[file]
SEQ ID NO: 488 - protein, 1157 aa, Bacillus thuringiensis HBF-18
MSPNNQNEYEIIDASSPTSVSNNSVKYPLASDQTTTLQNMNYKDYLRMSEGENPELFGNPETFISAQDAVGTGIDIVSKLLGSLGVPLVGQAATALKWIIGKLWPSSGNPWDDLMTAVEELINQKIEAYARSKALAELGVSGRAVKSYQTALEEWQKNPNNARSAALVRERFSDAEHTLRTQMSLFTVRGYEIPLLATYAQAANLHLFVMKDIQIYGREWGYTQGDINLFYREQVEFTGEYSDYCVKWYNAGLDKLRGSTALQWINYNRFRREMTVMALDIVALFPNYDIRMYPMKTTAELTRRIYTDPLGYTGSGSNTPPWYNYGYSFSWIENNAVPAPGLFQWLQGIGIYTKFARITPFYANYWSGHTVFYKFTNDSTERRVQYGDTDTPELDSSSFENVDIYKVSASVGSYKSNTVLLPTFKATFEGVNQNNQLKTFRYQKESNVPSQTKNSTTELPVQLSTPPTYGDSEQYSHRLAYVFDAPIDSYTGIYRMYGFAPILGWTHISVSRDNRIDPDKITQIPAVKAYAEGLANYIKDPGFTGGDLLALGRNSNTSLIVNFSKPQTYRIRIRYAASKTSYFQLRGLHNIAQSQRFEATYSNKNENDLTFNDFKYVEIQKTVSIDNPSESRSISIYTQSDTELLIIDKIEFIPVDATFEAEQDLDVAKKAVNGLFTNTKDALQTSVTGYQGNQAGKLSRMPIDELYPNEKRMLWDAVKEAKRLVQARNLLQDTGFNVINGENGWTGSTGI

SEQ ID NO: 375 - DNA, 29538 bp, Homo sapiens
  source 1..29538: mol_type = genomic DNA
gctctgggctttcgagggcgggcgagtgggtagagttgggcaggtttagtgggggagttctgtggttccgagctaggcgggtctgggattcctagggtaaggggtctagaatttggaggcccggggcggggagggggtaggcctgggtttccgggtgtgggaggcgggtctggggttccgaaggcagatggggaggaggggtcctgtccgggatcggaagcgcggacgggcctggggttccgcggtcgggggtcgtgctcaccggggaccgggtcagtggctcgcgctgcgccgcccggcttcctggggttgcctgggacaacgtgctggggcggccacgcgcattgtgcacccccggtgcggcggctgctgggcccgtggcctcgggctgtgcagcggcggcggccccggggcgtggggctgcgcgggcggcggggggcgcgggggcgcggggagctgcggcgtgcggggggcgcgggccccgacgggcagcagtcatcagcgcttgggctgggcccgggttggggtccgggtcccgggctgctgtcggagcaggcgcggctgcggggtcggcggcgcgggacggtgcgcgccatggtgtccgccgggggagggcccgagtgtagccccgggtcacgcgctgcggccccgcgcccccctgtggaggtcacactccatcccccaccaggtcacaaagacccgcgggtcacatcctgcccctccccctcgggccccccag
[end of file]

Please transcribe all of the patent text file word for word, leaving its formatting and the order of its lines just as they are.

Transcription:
SEQ ID NO: 488 - protein, 1157 aa, Bacillus thuringiensis HBF-18
MSPNNQNEYEIIDASSPTSVSNNSVKYPLASDQTTTLQNMNYKDYLRMSEGENPELFGNPETFISAQDAVGTGIDIVSKLLGSLGVPLVGQAATALKWIIGKLWPSSGNPWDDLMTAVEELINQKIEAYARSKALAELGVSGRAVKSYQTALEEWQKNPNNARSAALVRERFSDAEHTLRTQMSLFTVRGYEIPLLATYAQAANLHLFVMKDIQIYGREWGYTQGDINLFYREQVEFTGEYSDYCVKWYNAGLDKLRGSTALQWINYNRFRREMTVMALDIVALFPNYDIRMYPMKTTAELTRRIYTDPLGYTGSGSNTPPWYNYGYSFSWIENNAVPAPGLFQWLQGIGIYTKFARITPFYANYWSGHTVFYKFTNDSTERRVQYGDTDTPELDSSSFENVDIYKVSASVGSYKSNTVLLPTFKATFEGVNQNNQLKTFRYQKESNVPSQTKNSTTELPVQLSTPPTYGDSEQYSHRLAYVFDAPIDSYTGIYRMYGFAPILGWTHISVSRDNRIDPDKITQIPAVKAYAEGLANYIKDPGFTGGDLLALGRNSNTSLIVNFSKPQTYRIRIRYAASKTSYFQLRGLHNIAQSQRFEATYSNKNENDLTFNDFKYVEIQKTVSIDNPSESRSISIYTQSDTELLIIDKIEFIPVDATFEAEQDLDVAKKAVNGLFTNTKDALQTSVTGYQGNQAGKLSRMPIDELYPNEKRMLWDAVKEAKRLVQARNLLQDTGFNVINGENGWTGSTGI

SEQ ID NO: 375 - DNA, 29538 bp, Homo sapiens
  source 1..29538: mol_type = genomic DNA
gctctgggctttcgagggcgggcgagtgggtagagttgggcaggtttagtgggggagttctgtggttccgagctaggcgggtctgggattcctagggtaaggggtctagaatttggaggcccggggcggggagggggtaggcctgggtttccgggtgtgggaggcgggtctggggttccgaaggcagatggggaggaggggtcctgtccgggatcggaagcgcggacgggcctggggttccgcggtcgggggtcgtgctcaccggggaccgggtcagtggctcgcgctgcgccgcccggcttcctggggttgcctgggacaacgtgctggggcggccacgcgcattgtgcacccccggtgcggcggctgctgggcccgtggcctcgggctgtgcagcggcggcggccccggggcgtggggctgcgcgggcggcggggggcgcgggggcgcggggagctgcggcgtgcggggggcgcgggccccgacgggcagcagtcatcagcgcttgggctgggcccgggttggggtccgggtcccgggctgctgtcggagcaggcgcggctgcggggtcggcggcgcgggacggtgcgcgccatggtgtccgccgggggagggcccgagtgtagccccgggtcacgcgctgcggccccgcgcccccctgtggaggtcacactccatcccccaccaggtcacaaagacccgcgggtcacatcctgcccctccccctcgggccccccag